Follow your primary care provider’s instructions about not smoking before and after the procedure. Smokers heal more slowly after surgery. They are also more likely to have breathing problems during surgery. For this reason, if you are a smoker, you should quit at least 2 weeks before the procedure. It is best to quit 6 to 8 weeks before surgery.
If you need a minor pain reliever in the week before surgery, choose acetaminophen rather than aspirin, ibuprofen, or naproxen. This helps avoid extra bleeding during surgery. If you are taking daily aspirin for a medical condition, ask your primary care provider if you need to stop taking it before your surgery.
Follow any other instructions your primary care provider gives you. The night before the procedure, eat a light meal such as soup and salad. Do not eat or drink anything after midnight and the morning before the procedure. Do not even drink coffee, tea, or water. You may be given other instructions that you should follow, including taking important medicines.
What happens during the procedure?
You are given a general anesthetic. A general anesthetic will relax your muscles and put you to sleep. It will prevent you from feeling pain during the operation.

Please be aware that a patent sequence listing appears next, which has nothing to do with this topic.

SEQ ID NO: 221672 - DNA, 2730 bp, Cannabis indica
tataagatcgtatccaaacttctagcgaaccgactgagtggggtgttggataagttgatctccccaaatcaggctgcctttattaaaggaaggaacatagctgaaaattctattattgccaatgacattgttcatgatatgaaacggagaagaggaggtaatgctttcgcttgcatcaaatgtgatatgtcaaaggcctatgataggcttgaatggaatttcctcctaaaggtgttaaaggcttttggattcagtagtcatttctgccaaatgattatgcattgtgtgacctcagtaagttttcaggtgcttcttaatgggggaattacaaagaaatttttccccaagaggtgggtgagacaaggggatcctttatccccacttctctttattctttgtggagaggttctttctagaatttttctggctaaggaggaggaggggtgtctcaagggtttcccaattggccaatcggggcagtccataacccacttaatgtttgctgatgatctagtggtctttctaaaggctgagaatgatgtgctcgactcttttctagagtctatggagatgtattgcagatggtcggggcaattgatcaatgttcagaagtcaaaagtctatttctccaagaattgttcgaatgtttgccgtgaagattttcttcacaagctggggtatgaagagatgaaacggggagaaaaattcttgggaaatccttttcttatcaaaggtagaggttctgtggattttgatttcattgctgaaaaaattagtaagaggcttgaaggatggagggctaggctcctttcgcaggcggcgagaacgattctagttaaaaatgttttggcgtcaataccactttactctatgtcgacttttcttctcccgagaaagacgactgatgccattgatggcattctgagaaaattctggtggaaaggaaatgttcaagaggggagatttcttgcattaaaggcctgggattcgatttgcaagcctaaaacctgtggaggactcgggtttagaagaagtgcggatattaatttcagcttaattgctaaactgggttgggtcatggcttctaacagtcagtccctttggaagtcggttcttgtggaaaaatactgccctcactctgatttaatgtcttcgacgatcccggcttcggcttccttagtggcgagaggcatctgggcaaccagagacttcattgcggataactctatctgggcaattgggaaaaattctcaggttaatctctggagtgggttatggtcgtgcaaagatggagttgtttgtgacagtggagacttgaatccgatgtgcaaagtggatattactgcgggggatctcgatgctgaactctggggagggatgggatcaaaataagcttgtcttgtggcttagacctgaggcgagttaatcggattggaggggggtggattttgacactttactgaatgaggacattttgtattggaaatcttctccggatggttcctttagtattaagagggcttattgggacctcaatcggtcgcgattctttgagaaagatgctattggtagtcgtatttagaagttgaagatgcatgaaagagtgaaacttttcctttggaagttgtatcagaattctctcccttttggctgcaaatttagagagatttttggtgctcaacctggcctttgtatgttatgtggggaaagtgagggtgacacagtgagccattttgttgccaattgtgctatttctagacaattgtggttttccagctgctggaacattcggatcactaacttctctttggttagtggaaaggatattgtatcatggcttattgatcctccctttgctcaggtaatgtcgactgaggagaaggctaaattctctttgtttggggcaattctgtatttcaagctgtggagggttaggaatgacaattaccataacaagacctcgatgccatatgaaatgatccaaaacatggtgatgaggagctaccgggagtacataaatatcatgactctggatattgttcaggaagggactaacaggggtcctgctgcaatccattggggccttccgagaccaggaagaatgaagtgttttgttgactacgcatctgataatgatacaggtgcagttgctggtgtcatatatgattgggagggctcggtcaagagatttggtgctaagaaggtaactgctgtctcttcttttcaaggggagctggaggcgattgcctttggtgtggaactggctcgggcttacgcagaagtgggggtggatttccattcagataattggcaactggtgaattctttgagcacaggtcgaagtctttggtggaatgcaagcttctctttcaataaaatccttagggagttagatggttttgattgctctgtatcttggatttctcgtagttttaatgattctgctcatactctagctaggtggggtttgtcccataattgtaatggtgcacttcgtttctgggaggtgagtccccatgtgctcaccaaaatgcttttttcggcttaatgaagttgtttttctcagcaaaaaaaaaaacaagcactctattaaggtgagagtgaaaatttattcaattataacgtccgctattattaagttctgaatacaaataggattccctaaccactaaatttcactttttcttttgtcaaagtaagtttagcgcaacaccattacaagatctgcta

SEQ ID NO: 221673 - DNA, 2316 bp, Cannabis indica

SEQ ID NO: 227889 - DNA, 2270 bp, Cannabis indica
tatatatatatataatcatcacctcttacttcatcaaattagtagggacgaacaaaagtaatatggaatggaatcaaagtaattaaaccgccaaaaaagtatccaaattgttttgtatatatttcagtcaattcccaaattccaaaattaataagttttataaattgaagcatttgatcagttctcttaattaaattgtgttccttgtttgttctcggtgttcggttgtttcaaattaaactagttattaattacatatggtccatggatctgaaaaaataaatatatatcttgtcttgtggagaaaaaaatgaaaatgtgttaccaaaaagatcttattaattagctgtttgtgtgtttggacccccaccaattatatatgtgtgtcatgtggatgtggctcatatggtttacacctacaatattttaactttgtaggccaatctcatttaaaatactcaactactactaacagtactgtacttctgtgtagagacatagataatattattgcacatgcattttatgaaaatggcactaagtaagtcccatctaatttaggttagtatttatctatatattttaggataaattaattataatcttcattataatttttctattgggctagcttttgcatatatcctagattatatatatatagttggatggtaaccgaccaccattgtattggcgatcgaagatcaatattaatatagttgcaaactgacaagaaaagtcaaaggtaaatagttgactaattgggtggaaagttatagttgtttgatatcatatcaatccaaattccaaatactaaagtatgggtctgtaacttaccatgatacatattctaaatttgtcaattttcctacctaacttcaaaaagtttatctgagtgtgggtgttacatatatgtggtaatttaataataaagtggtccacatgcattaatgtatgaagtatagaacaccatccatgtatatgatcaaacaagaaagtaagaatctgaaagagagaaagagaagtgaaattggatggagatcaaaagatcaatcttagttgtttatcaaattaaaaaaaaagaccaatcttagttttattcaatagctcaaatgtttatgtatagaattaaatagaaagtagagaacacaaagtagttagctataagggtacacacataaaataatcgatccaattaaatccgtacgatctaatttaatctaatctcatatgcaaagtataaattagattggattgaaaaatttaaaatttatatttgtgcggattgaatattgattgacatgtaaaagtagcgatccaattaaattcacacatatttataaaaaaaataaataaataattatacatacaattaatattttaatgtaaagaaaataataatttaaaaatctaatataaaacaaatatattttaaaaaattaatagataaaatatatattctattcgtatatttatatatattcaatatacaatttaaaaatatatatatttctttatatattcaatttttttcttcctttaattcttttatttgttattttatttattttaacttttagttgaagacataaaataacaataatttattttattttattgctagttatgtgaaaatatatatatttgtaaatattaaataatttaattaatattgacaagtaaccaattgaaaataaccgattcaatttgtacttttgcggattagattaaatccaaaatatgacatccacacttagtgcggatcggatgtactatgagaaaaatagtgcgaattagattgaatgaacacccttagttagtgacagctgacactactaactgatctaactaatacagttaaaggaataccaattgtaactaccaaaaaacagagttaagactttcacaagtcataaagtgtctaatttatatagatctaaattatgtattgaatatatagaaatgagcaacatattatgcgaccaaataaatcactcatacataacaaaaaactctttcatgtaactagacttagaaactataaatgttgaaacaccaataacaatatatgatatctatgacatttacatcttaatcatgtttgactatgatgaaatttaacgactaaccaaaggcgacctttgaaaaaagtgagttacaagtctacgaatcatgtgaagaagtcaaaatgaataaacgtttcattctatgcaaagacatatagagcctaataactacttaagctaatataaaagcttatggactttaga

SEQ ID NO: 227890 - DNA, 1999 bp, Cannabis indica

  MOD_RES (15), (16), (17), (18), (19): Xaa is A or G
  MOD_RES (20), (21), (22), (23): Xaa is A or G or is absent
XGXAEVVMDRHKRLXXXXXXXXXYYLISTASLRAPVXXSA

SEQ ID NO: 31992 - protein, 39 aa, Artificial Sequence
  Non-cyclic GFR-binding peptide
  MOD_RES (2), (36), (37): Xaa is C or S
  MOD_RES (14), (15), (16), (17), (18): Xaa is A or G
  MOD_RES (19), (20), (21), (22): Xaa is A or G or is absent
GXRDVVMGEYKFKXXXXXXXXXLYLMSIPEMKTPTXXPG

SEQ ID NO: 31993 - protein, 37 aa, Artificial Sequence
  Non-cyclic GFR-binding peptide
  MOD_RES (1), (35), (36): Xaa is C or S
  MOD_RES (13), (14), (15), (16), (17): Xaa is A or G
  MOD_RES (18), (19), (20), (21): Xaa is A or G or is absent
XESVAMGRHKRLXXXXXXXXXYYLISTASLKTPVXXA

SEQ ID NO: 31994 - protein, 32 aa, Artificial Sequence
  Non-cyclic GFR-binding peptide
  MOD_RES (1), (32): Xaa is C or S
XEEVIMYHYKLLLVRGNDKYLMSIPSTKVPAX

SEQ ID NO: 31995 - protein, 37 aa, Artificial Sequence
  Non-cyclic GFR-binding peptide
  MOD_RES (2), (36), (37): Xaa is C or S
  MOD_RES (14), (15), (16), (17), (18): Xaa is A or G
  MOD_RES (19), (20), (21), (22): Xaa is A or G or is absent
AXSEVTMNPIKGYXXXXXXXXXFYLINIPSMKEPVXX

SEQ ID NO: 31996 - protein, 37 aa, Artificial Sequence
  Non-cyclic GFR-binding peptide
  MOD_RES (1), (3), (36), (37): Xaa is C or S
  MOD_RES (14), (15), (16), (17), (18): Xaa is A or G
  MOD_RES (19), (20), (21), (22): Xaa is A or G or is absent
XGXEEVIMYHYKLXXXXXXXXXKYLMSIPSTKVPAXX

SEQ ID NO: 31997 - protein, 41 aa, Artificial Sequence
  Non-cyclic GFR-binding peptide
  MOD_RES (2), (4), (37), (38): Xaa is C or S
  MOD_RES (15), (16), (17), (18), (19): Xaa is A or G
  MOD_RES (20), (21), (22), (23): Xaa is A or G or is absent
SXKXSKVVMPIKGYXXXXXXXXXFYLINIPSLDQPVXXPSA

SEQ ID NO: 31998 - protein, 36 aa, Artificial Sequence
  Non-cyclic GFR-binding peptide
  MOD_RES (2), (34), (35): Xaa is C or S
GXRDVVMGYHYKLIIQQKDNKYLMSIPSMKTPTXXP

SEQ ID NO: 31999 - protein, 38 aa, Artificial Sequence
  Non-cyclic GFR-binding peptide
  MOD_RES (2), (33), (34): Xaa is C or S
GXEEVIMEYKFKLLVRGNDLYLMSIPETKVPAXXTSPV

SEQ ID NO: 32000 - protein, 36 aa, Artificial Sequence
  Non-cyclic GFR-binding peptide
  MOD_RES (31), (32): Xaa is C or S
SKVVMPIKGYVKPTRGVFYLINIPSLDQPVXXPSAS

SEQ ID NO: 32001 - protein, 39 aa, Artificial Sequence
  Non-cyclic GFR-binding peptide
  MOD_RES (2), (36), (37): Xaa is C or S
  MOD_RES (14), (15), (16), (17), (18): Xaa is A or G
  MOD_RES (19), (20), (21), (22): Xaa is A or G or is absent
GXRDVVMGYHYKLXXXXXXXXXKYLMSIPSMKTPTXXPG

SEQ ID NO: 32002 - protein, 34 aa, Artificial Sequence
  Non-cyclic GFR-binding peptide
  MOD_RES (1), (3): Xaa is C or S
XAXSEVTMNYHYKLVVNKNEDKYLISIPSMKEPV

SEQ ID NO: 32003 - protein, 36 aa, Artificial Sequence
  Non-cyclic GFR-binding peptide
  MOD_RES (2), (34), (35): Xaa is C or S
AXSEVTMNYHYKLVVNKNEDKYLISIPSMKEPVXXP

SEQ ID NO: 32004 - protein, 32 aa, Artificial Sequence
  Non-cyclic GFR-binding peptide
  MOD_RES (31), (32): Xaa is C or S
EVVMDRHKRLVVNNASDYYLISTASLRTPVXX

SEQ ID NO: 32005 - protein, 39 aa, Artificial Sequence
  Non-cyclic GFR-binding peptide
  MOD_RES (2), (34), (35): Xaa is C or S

Your abdomen will be inflated with carbon dioxide gas. This helps your primary care provider see the gallbladder and other organs. Your primary care provider makes a tiny cut in your abdomen (usually in the area of the belly button) and inserts the laparoscope through the cut. Other tiny cuts are made to place tools used during the operation. Your primary care provider removes the gallbladder and the stones with a tool that can cut tissue and stop bleeding. This could be electrical cautery (which uses electrical current) or ultrasound (sound wave energy).
The procedure usually takes about an hour, but it may take longer if there is scarring or infection.
What happens after the procedure?
Usually you can leave the hospital later the same day. In some cases an overnight stay may be needed, depending on your condition.